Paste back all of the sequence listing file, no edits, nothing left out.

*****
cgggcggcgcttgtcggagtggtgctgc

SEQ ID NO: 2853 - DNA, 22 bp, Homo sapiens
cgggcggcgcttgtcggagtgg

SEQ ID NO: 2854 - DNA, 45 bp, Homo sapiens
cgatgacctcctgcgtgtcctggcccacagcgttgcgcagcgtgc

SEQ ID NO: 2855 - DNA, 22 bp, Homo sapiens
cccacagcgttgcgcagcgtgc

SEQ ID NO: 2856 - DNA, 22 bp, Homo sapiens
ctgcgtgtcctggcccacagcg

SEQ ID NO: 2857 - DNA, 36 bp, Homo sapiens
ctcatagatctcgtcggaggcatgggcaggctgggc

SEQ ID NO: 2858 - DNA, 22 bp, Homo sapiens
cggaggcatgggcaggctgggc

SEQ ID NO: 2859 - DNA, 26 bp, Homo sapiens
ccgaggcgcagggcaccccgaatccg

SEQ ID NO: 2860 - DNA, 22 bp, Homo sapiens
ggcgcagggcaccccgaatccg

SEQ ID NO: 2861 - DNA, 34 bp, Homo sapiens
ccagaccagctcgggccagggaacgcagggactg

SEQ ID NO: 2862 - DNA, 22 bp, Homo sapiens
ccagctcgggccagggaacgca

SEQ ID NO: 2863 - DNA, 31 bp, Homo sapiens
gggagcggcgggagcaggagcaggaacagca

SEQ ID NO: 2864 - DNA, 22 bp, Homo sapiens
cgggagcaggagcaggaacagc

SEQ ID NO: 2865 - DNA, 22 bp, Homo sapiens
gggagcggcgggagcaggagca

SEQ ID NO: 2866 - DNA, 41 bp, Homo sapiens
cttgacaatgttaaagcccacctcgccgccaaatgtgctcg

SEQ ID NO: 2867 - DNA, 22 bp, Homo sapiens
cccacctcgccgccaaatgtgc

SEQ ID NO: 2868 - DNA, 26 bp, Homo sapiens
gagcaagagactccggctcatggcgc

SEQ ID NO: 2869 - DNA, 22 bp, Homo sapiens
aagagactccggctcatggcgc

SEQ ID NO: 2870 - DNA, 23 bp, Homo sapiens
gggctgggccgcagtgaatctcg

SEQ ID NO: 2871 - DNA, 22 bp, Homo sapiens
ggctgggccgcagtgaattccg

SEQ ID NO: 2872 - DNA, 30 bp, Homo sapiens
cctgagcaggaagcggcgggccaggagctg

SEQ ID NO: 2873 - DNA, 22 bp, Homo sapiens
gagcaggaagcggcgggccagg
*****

cgggcggcgcttgtcggagtggtgctgc

SEQ ID NO: 2853 - DNA, 22 bp, Homo sapiens
cgggcggcgcttgtcggagtgg

SEQ ID NO: 2854 - DNA, 45 bp, Homo sapiens
cgatgacctcctgcgtgtcctggcccacagcgttgcgcagcgtgc

SEQ ID NO: 2855 - DNA, 22 bp, Homo sapiens
cccacagcgttgcgcagcgtgc

SEQ ID NO: 2856 - DNA, 22 bp, Homo sapiens
ctgcgtgtcctggcccacagcg

SEQ ID NO: 2857 - DNA, 36 bp, Homo sapiens
ctcatagatctcgtcggaggcatgggcaggctgggc

SEQ ID NO: 2858 - DNA, 22 bp, Homo sapiens
cggaggcatgggcaggctgggc

SEQ ID NO: 2859 - DNA, 26 bp, Homo sapiens
ccgaggcgcagggcaccccgaatccg

SEQ ID NO: 2860 - DNA, 22 bp, Homo sapiens
ggcgcagggcaccccgaatccg

SEQ ID NO: 2861 - DNA, 34 bp, Homo sapiens
ccagaccagctcgggccagggaacgcagggactg

SEQ ID NO: 2862 - DNA, 22 bp, Homo sapiens
ccagctcgggccagggaacgca

SEQ ID NO: 2863 - DNA, 31 bp, Homo sapiens
gggagcggcgggagcaggagcaggaacagca

SEQ ID NO: 2864 - DNA, 22 bp, Homo sapiens
cgggagcaggagcaggaacagc

SEQ ID NO: 2865 - DNA, 22 bp, Homo sapiens
gggagcggcgggagcaggagca

SEQ ID NO: 2866 - DNA, 41 bp, Homo sapiens
cttgacaatgttaaagcccacctcgccgccaaatgtgctcg

SEQ ID NO: 2867 - DNA, 22 bp, Homo sapiens
cccacctcgccgccaaatgtgc

SEQ ID NO: 2868 - DNA, 26 bp, Homo sapiens
gagcaagagactccggctcatggcgc

SEQ ID NO: 2869 - DNA, 22 bp, Homo sapiens
aagagactccggctcatggcgc

SEQ ID NO: 2870 - DNA, 23 bp, Homo sapiens
gggctgggccgcagtgaatctcg

SEQ ID NO: 2871 - DNA, 22 bp, Homo sapiens
ggctgggccgcagtgaattccg

SEQ ID NO: 2872 - DNA, 30 bp, Homo sapiens
cctgagcaggaagcggcgggccaggagctg

SEQ ID NO: 2873 - DNA, 22 bp, Homo sapiens
gagcaggaagcggcgggccagg